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Yonnondio, or Warriors of the Genesee: Tale of the Seventeenth Century
William Howe Cuyler Hosmer
Sin vista previa disponible - 2015
arms band battle bear beneath bird Blanche blood blue bore bound brave breast breath bright brow called Can-ne-hoot chief clear close cloud Dance dark dead deep dread dream earth enemy face fair fall father fear feet fell fierce fight fire Five flower foot forest French gave gazed glance Grai grave green hair hand hatchet hath head heard heart hill hour Huron Indian knife lake land leaves light limbs lives lonely look loud marked morn never night o'er once painted pale passing pride proud race raised rear river round rude savage scalps scene seen Senecas shade shore side sight sire slain soul sound stream thought tide told tone tread tree tribe voice warrior wave wild wind wood Yonnondio young
Página 219 - I thank you, in their name, for bringing back into their country the calumet, which your predecessor received from their hands. It was happy for you, that you left under ground that murdering hatchet that has been so often dyed in the blood of the French.
Página 219 - I do not sleep, I have my eyes open, and the sun, which enlightens me, discovers to me a great captain at the head of a company of soldiers, who speaks as if he were dreaming. He says that he only came to the lake to smoke on the great calumet with the Onondagas.
Página 219 - We may go where we please, and carry with us whom we please, and buy and sell what we please. If your allies be your slaves, use them as such, command them to receive no other but your people.
Página 219 - You must have believed, when you left Quebec, that the sun had burnt up all the forests, which render our country inaccessible to the French, or that the lakes had so far overflown the banks, that they had surrounded our castles, and that it was impossible for us to...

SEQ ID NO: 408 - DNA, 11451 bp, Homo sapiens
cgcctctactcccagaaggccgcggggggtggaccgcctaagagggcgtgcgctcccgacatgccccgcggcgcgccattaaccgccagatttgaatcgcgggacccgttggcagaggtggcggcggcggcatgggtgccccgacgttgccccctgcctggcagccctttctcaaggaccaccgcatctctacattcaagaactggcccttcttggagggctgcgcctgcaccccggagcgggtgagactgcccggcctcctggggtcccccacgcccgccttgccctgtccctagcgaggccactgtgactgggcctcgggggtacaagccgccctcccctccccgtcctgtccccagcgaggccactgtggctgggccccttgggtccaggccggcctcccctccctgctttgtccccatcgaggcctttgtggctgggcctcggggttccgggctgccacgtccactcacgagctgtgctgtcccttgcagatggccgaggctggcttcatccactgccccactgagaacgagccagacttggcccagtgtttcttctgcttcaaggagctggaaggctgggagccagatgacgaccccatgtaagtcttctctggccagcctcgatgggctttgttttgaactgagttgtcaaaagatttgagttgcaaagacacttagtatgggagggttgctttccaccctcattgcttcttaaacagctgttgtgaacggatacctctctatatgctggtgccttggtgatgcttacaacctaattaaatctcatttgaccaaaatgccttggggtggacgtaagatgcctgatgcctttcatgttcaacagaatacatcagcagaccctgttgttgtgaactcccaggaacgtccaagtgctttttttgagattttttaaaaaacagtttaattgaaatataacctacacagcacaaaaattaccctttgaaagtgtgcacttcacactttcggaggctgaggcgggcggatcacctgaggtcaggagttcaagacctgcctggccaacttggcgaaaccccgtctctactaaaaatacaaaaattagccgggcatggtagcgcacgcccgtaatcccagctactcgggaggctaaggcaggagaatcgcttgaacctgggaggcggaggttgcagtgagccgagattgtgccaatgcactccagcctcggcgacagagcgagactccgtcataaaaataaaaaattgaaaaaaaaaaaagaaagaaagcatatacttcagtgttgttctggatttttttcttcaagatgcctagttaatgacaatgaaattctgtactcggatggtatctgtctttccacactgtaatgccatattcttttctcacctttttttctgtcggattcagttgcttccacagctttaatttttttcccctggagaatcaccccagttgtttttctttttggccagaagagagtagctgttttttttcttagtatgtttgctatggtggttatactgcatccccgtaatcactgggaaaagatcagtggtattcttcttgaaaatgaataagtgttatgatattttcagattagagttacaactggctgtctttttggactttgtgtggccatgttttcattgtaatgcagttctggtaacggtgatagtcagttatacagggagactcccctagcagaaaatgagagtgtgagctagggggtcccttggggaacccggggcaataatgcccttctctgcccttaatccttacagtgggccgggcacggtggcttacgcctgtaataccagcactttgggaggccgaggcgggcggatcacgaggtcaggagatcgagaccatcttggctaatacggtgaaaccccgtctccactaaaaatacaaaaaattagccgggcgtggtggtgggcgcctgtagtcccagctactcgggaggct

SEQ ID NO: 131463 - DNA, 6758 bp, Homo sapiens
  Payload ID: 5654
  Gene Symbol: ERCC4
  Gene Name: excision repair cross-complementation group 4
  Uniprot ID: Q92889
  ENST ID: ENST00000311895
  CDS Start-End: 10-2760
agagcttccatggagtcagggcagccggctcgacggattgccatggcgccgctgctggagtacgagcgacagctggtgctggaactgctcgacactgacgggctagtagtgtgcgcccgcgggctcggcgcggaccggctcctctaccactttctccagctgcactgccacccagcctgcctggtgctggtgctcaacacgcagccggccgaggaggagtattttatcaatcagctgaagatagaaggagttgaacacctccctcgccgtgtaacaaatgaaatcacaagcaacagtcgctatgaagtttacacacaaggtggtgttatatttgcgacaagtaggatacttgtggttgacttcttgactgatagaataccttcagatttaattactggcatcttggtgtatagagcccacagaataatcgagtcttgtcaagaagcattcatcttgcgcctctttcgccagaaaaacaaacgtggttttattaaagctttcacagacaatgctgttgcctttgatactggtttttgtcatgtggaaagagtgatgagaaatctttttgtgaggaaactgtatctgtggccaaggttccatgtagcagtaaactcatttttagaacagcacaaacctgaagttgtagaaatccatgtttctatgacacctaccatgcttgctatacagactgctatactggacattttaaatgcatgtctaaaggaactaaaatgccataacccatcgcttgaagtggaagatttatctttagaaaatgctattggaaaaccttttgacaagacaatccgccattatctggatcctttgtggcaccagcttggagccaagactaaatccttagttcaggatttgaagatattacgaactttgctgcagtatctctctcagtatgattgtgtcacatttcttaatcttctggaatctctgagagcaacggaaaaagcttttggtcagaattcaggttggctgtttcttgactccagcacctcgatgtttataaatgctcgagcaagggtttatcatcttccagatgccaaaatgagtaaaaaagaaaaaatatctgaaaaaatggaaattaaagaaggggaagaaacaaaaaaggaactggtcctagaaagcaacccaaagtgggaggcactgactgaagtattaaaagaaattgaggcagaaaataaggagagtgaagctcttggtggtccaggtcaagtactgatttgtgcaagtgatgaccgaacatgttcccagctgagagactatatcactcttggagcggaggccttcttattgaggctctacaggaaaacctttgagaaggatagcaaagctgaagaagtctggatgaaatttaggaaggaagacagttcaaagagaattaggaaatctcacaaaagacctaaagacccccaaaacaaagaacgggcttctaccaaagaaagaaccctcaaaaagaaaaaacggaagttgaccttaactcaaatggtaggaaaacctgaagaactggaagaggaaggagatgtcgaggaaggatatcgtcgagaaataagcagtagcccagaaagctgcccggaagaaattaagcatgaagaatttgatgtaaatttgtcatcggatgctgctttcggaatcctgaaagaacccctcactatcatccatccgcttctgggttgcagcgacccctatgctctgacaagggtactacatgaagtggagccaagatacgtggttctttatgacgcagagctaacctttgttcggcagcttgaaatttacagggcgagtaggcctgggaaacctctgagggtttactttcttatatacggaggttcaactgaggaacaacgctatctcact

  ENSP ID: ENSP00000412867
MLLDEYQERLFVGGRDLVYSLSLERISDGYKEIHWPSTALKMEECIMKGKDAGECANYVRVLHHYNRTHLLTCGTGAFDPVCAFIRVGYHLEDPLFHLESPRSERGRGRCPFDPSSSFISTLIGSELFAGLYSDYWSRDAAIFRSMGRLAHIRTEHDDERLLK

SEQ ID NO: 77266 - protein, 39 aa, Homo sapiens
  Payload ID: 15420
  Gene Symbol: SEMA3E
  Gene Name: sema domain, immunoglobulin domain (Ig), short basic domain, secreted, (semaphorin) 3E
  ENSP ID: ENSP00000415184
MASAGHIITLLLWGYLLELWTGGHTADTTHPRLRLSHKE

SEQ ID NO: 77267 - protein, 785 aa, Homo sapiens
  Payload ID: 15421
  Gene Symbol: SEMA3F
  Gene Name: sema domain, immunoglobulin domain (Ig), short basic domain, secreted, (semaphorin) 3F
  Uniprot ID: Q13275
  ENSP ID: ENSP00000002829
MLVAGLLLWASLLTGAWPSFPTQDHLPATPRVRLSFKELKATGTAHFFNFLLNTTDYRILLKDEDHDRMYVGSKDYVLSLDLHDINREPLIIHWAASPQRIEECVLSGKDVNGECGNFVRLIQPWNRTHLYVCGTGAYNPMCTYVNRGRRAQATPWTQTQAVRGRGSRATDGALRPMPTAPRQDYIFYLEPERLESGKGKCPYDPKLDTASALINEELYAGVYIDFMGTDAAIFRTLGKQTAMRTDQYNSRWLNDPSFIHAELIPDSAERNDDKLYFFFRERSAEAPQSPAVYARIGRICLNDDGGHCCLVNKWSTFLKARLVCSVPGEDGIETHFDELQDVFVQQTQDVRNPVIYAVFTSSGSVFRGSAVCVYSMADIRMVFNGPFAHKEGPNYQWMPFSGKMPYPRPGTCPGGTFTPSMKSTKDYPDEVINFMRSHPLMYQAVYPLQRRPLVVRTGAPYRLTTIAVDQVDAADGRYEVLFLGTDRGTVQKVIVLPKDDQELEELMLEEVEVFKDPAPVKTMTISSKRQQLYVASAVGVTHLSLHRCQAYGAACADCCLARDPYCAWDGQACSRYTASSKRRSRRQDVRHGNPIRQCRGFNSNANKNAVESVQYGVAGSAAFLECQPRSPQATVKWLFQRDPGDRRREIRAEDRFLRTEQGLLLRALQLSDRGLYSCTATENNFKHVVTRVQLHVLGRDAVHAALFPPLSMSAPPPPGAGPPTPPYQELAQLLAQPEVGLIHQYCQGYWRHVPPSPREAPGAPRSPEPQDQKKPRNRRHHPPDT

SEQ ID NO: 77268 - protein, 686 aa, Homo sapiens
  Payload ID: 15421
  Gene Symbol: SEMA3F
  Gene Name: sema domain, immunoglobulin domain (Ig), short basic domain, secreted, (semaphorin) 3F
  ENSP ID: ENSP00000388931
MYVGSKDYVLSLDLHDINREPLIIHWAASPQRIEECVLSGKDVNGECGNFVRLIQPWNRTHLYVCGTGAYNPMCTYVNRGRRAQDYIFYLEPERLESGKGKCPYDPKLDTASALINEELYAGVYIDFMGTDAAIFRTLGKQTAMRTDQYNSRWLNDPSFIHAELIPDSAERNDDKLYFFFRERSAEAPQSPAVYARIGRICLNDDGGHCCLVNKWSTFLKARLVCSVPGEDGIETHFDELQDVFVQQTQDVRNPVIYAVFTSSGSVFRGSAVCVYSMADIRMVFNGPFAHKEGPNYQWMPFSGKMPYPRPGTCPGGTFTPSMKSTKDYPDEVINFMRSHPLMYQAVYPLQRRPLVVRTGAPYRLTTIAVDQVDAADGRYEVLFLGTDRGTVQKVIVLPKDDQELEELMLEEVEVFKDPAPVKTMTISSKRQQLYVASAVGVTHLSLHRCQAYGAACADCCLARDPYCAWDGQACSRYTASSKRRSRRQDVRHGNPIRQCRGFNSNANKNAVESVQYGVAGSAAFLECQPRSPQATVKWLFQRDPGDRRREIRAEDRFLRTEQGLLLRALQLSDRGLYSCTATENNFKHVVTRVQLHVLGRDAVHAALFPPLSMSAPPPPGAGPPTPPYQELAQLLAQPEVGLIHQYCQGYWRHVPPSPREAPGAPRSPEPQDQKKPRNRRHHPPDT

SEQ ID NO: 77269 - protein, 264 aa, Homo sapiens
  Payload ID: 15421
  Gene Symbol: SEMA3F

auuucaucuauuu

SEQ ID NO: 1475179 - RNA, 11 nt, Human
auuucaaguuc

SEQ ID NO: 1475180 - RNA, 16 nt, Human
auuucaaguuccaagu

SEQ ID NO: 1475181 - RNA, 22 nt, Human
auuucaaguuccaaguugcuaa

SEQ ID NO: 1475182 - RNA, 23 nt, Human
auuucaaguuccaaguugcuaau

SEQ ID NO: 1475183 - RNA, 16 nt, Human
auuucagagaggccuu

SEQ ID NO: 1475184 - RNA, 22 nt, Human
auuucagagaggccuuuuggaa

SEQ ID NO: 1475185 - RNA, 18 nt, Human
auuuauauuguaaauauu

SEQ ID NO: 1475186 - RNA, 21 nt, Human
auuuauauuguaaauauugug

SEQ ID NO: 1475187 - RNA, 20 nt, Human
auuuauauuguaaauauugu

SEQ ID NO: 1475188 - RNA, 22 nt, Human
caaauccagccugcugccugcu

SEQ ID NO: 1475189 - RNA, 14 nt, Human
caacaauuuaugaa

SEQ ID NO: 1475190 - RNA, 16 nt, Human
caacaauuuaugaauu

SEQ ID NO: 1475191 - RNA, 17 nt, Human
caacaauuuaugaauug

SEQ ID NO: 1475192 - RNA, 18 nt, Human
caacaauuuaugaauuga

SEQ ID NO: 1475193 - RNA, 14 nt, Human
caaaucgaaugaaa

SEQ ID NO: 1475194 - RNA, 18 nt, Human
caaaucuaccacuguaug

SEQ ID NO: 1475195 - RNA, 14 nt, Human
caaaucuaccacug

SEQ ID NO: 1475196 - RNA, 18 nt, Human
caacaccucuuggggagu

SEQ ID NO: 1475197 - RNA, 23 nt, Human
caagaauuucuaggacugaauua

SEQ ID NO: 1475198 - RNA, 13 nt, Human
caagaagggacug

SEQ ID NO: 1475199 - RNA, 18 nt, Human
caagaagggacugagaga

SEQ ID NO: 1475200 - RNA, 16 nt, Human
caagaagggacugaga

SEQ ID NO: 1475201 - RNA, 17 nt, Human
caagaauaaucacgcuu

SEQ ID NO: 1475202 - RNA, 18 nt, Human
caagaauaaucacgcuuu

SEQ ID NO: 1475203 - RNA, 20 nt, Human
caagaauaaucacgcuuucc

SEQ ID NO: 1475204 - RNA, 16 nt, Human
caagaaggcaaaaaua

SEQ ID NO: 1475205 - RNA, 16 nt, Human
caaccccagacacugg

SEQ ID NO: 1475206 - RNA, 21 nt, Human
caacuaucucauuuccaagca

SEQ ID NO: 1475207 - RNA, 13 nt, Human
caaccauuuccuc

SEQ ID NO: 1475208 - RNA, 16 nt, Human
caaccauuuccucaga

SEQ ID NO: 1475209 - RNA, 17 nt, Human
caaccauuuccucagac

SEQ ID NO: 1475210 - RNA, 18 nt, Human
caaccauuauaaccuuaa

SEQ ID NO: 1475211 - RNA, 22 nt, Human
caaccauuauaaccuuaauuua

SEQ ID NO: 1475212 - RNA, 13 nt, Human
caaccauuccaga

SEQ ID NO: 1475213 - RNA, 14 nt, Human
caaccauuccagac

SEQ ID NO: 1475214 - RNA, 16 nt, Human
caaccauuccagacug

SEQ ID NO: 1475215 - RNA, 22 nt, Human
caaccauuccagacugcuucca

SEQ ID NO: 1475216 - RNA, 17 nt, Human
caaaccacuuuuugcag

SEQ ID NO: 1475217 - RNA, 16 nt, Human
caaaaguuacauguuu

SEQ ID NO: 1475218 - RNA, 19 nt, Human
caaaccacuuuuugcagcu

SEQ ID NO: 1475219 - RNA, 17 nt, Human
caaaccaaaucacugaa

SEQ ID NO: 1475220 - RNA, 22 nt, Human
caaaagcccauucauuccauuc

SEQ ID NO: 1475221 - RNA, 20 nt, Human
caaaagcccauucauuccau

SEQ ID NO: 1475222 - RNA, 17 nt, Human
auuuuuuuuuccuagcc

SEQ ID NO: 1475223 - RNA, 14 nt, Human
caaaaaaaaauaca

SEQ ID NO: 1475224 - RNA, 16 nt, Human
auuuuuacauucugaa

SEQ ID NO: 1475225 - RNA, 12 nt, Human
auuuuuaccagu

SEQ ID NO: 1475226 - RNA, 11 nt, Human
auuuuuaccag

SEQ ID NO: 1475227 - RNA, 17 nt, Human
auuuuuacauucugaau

Página 227 - In conversation they are sprightly ; but solemn and serious in their messages relating to public affairs. Their speakers deliver themselves with surprising force and great propriety of gesture. The fierceness of their countenances, the flowing blanket, elevated tone, naked arm, and erect stature, with a half circle of auditors seated on the ground, and in the open air, cannot but impress upon the mind a lively idea of the ancient orators of Greece and Rome.
Página 218 - Yonnondio. you must have believed when you left Quebec that the sun had burnt up all the forests which render our country inaccessible to the French, or that the lakes had so far overflown the banks that they had surrounded our castles and that it was impossible for us to get out of them.
Página 99 - The red-breast, perched in arbor green, Sad minstrel of the quiet scene — While hymning, for the dying sun, Strains like a broken-hearted one, Raised not her mottled wing to fly As swept those silent warriors by. The wood-cock, in his moist retreat, Heard not the falling of their feet ; On his dark roost the gray owl slept ; Time with his drum the partridge kept, Nor left the deer his watering-place, So hushed, so noiseless was their pace.
Página 224 - Canada sends to Onondaga, and talks to us of Peace with our whole House, but War was in his Heart, as you now see by woful Experience. He did the same formerly at Cadarackui, and in the Senekas Country.
Página 231 - ... without any variation till midnight. The Indians, and some of the inhabitants of the back settlements, think if this bird perches upon any house, that it betokens some mishap to the inhabitants of it.
Página 219 - Hear, Yonnondio, our women had taken their clubs, our children and old men had carried their bows and arrows into the heart of your camp, if our warriors had not disarmed them, and kept them back, when your messenger, Ohguesse, came to our castles. It is done, and I have said it.